All the lifestyle gurus say how important it is to have a bit of wildness in your life. They don’t mean tigers or even wolves, they mean nature. And although I’ll never be a lifestyle guru I do feel they’re right about this. (However, I’m still never going to drink a green smoothie.)
Whenever I go to our little corner of heaven, and stand on the foreshore by the loch and look at the expanse of water and the hills beyond I feel almost shocked at how beautiful it is. The burn, rushing (or idling, depending on recent rainfall) which is our fridge as well as our water supply, is a fairy glen. Watching my grandchildren playing in it is magical, especially when not so long ago (it seems) it was my children playing there.
I love fires and I love cooking over them. We had a new Dutch Oven this year and they are the slow cooker of the campsite. We cooked a wonderful stew on the ashes of the previous night’s fire, one day. We did baked potatoes the day before. (They didn’t take as long as we thought.) I love the challenge and discovering that you don’t need much flame, if any, if the fire has been going for a couple of days.
Life up there is different and quite hard work. There are no light switches, no taps, nothing instant. When we get home life suddenly seems ridiculously easy. What? You don’t have to take containers down to the burn so you can wash up? There’s a fridge and a deep freeze? That seems so amazing and for a while, you stop taking these things for granted.
But the refreshment this wild beauty gives me is priceless, and well worth being a bit grubby for. Seeing one of my youngest grandchildren, walking over the stones saying ‘ow ow ow’ but still carrying on was magical. As was seeing him when he found a deodorant. He pulled down his jumper and stuffed it under his arm. Obviously he’s only ever seen people apply deodorant after they’ve put their clothes on. It’s not just me who does this then!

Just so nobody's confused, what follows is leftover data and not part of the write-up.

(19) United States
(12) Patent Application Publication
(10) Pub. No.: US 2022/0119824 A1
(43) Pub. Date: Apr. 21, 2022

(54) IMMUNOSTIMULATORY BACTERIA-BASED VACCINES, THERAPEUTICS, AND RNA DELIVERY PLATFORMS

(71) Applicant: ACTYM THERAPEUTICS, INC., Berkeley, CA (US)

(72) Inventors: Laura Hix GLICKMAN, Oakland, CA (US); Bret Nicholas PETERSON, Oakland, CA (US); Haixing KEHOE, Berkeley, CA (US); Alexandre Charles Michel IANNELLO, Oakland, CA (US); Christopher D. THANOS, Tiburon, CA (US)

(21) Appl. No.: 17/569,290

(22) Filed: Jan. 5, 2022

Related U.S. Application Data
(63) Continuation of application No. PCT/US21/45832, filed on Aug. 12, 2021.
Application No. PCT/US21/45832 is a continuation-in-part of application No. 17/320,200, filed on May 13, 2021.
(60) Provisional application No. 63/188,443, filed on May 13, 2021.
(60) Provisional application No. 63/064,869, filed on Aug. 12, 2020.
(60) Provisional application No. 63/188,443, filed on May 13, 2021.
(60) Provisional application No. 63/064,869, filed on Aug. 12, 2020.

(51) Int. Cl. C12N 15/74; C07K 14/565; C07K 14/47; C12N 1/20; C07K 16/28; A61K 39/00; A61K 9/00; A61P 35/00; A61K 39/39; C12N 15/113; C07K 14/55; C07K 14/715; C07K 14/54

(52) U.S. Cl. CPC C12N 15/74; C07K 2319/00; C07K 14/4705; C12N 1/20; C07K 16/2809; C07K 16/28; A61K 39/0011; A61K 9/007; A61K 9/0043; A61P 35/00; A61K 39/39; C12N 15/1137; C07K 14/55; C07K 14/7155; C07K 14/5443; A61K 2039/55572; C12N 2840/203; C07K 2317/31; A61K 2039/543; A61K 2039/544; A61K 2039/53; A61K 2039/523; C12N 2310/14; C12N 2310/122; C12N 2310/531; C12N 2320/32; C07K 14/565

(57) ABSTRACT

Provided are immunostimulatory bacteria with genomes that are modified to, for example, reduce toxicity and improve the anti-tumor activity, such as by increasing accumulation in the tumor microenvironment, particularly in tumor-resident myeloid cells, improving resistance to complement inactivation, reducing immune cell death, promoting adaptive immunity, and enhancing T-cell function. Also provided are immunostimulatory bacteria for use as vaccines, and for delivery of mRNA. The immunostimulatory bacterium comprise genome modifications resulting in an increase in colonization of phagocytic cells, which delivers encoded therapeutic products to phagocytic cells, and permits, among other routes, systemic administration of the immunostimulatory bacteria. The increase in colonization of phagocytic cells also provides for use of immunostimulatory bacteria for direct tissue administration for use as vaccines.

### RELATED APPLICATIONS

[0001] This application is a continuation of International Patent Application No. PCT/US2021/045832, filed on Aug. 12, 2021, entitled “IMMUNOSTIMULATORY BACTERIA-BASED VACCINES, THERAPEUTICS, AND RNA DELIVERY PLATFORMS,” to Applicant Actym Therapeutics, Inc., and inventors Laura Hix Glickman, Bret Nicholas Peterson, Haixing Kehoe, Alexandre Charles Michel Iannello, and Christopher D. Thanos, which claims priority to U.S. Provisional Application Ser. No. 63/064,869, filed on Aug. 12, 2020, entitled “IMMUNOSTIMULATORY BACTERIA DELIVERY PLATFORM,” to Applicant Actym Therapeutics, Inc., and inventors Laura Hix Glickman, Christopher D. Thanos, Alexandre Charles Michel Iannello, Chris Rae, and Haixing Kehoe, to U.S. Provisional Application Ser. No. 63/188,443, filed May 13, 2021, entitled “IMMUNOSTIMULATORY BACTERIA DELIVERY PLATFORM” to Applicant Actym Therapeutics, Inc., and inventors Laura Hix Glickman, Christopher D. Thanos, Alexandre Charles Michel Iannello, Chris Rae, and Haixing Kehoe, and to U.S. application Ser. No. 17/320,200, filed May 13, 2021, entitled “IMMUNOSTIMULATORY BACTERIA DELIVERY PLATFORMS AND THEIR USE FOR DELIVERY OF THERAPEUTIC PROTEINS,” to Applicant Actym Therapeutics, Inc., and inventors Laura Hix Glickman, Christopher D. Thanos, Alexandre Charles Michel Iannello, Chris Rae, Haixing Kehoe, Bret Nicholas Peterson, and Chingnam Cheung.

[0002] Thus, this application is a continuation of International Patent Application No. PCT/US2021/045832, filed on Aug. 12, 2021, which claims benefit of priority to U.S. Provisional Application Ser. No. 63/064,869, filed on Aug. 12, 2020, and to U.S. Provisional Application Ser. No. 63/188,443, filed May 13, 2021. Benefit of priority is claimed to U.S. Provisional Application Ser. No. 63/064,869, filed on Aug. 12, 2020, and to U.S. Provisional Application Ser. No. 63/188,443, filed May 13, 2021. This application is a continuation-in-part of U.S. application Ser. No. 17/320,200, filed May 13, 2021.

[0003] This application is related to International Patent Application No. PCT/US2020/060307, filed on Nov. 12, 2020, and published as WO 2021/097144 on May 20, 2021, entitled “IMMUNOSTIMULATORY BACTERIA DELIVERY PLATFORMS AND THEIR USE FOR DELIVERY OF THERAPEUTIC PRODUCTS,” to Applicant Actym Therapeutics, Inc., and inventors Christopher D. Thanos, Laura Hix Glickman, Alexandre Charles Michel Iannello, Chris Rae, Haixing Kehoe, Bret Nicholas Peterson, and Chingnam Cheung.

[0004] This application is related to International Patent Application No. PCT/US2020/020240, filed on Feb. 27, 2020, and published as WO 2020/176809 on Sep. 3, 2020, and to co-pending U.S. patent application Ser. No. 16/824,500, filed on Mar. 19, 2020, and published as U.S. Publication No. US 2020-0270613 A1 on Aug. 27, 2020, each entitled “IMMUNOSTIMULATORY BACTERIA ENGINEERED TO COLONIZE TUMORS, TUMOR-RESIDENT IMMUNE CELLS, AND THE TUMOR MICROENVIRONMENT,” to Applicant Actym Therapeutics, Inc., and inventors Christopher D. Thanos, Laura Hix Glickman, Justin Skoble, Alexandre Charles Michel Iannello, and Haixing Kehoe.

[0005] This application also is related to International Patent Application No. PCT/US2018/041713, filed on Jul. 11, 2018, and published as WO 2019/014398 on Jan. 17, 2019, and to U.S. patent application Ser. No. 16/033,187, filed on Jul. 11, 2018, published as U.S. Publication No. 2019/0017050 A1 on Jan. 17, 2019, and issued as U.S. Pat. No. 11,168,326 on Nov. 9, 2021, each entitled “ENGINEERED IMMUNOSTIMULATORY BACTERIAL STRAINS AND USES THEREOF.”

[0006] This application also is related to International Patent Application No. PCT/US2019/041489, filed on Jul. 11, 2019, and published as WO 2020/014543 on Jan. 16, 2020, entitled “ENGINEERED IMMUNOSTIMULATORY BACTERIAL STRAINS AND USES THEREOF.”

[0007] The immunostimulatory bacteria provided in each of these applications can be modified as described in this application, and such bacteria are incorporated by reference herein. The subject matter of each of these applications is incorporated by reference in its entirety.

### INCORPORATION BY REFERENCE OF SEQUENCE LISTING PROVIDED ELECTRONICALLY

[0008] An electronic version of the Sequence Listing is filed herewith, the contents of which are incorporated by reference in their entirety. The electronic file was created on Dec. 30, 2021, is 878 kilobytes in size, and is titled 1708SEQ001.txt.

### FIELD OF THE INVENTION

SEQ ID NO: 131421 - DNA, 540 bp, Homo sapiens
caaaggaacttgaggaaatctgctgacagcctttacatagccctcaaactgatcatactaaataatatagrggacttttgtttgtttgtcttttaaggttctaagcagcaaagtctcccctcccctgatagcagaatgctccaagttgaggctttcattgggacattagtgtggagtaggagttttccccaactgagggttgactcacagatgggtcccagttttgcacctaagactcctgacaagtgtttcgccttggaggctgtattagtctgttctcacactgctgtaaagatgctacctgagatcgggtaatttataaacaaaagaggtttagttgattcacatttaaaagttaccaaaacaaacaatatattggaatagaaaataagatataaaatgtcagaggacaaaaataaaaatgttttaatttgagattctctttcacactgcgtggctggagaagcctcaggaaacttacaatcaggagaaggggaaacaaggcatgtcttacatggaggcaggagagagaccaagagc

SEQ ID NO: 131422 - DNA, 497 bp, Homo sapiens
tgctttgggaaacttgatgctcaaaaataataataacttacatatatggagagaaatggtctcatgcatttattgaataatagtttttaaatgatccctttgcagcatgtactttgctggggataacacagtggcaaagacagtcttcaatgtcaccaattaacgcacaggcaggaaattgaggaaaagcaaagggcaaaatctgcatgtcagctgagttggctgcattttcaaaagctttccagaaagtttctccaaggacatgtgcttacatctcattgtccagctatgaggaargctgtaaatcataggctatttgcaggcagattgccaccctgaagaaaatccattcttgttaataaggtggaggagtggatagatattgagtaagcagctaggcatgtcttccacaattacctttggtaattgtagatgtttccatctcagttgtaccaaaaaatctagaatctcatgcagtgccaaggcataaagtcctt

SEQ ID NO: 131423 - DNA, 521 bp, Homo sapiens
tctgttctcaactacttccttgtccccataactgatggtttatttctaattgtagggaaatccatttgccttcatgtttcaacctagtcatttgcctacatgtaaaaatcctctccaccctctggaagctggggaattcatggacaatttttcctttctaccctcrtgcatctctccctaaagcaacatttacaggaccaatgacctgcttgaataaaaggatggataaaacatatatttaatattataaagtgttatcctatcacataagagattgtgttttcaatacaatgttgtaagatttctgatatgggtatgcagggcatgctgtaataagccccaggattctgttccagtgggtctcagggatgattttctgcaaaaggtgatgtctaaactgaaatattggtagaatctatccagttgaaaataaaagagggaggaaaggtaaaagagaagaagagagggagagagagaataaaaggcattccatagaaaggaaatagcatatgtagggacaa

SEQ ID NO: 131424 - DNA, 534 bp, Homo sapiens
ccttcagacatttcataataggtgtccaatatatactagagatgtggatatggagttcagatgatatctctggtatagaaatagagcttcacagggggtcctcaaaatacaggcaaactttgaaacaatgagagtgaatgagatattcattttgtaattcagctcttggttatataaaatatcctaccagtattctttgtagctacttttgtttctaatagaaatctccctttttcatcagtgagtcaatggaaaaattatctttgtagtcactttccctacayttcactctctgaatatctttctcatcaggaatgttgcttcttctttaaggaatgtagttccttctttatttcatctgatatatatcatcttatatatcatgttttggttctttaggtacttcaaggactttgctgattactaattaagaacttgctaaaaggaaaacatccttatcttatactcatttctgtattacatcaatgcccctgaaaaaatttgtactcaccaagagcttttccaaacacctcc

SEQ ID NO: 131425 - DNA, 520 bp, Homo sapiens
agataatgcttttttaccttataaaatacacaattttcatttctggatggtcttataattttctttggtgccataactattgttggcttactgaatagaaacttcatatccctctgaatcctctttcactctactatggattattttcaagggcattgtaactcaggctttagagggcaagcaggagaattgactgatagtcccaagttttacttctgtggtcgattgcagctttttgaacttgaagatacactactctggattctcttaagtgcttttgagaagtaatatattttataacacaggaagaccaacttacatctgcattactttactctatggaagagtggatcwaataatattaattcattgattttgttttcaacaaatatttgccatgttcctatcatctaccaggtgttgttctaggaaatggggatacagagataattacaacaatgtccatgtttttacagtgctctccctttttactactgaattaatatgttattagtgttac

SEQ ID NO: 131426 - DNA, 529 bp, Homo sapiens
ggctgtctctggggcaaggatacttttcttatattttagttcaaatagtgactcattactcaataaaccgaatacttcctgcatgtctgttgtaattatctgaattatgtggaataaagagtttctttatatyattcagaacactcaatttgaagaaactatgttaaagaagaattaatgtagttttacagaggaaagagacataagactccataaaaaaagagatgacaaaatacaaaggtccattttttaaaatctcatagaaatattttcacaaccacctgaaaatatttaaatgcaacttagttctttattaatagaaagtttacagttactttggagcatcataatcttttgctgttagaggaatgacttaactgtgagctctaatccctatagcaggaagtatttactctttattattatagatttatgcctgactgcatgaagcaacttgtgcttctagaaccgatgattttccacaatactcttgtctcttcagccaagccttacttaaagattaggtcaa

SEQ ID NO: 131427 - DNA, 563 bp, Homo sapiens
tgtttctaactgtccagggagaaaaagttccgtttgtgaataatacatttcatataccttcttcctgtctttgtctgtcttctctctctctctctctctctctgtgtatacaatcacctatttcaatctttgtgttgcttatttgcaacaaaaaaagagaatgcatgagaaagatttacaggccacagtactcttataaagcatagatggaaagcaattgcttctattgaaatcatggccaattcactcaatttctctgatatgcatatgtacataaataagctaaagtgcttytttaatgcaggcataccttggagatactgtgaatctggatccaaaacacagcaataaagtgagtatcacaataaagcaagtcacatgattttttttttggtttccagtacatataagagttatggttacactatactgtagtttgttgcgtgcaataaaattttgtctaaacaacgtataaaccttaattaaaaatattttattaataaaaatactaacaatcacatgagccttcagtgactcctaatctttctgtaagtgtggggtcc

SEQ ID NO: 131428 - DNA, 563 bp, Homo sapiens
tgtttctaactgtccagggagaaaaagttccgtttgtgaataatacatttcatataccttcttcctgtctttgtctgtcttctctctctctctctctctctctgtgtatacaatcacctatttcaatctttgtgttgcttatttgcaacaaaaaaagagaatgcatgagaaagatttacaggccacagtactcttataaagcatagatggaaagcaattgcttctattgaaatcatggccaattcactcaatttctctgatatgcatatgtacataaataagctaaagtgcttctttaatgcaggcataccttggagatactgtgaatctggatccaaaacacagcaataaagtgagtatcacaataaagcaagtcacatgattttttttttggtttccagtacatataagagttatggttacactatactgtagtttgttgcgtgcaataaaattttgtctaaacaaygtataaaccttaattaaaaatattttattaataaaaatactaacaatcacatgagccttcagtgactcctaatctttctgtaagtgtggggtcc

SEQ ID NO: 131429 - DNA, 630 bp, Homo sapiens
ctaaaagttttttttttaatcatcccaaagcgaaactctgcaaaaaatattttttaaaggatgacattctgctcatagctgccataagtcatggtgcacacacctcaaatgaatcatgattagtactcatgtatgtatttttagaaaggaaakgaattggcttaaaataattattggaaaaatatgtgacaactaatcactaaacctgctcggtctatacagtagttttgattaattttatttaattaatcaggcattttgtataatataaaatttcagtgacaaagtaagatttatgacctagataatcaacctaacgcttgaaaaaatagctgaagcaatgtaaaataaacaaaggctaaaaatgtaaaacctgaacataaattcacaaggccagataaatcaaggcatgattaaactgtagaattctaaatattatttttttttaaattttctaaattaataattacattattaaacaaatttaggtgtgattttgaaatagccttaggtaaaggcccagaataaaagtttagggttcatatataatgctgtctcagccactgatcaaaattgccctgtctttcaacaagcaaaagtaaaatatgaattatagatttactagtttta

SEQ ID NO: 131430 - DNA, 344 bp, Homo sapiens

Cheryl Brockwell says...
I have enjoyed your books immensely.
This blog almost reads as if it was straight out of Thyme Out.
Or perhaps Thyme Out used the experience of the Loch and Burn.
One day, I hope to visit and discover for myself the delights that my grandmother left so long ago.
In Australia, the wilderness is different, harsher often and frequently dry. Yet its rugged beauty, especially where the mountains meet the sea, is always a spirit lifter.
Thanks for writing. I look forward to the next installment.
November 01, 2020
Throughout my school holidays this year, I have re-read all of your books, and when finishing them, I feel like I’ve lost old friends.
Literally, 3 books a week! Sod the housework!
I can truly see how beautiful it must be in the rough and ready of the Scottish highlands to get yet more inspiration for another book? Please….
Thank you for helping me to relax this summer in particular with all the sadness in the world.
Your books have been my rescue remedy. Thank you.
August 30, 2020
I love reading your books. It takes me to a place where everything gets sorted out in the end.
It’s my relief from the daily life.
Alison Craig says...
Beautiful sentiments. Having been locked down in Scotland it has made me count my blessings and no longer take extraordinary day to day sights for granted. Becoming a goldfinch stalker and herb grower 2020 has been a revelation. Swinging in my hammock, in my dressing gown, a glass of wine clasped in one hand and binoculars round my neck, sausage dog tucked in beside me has horrified my husband and son – which is precisely why I do it. Enjoy your well earned break x Alison
Jill O'Hara says...
This sounds idyllic. We used to stay in Wales on a campsite that only had a cold tap and no electric – we stayed for the whole summer and never missed (well almost never : ) ) the comforts of home. It was pure and simple. I’d go back but it doesn’t exist now – thoroughly modernised and spoilt for me. We go to Scotland now and you can still find the peace and air – it is so lovely.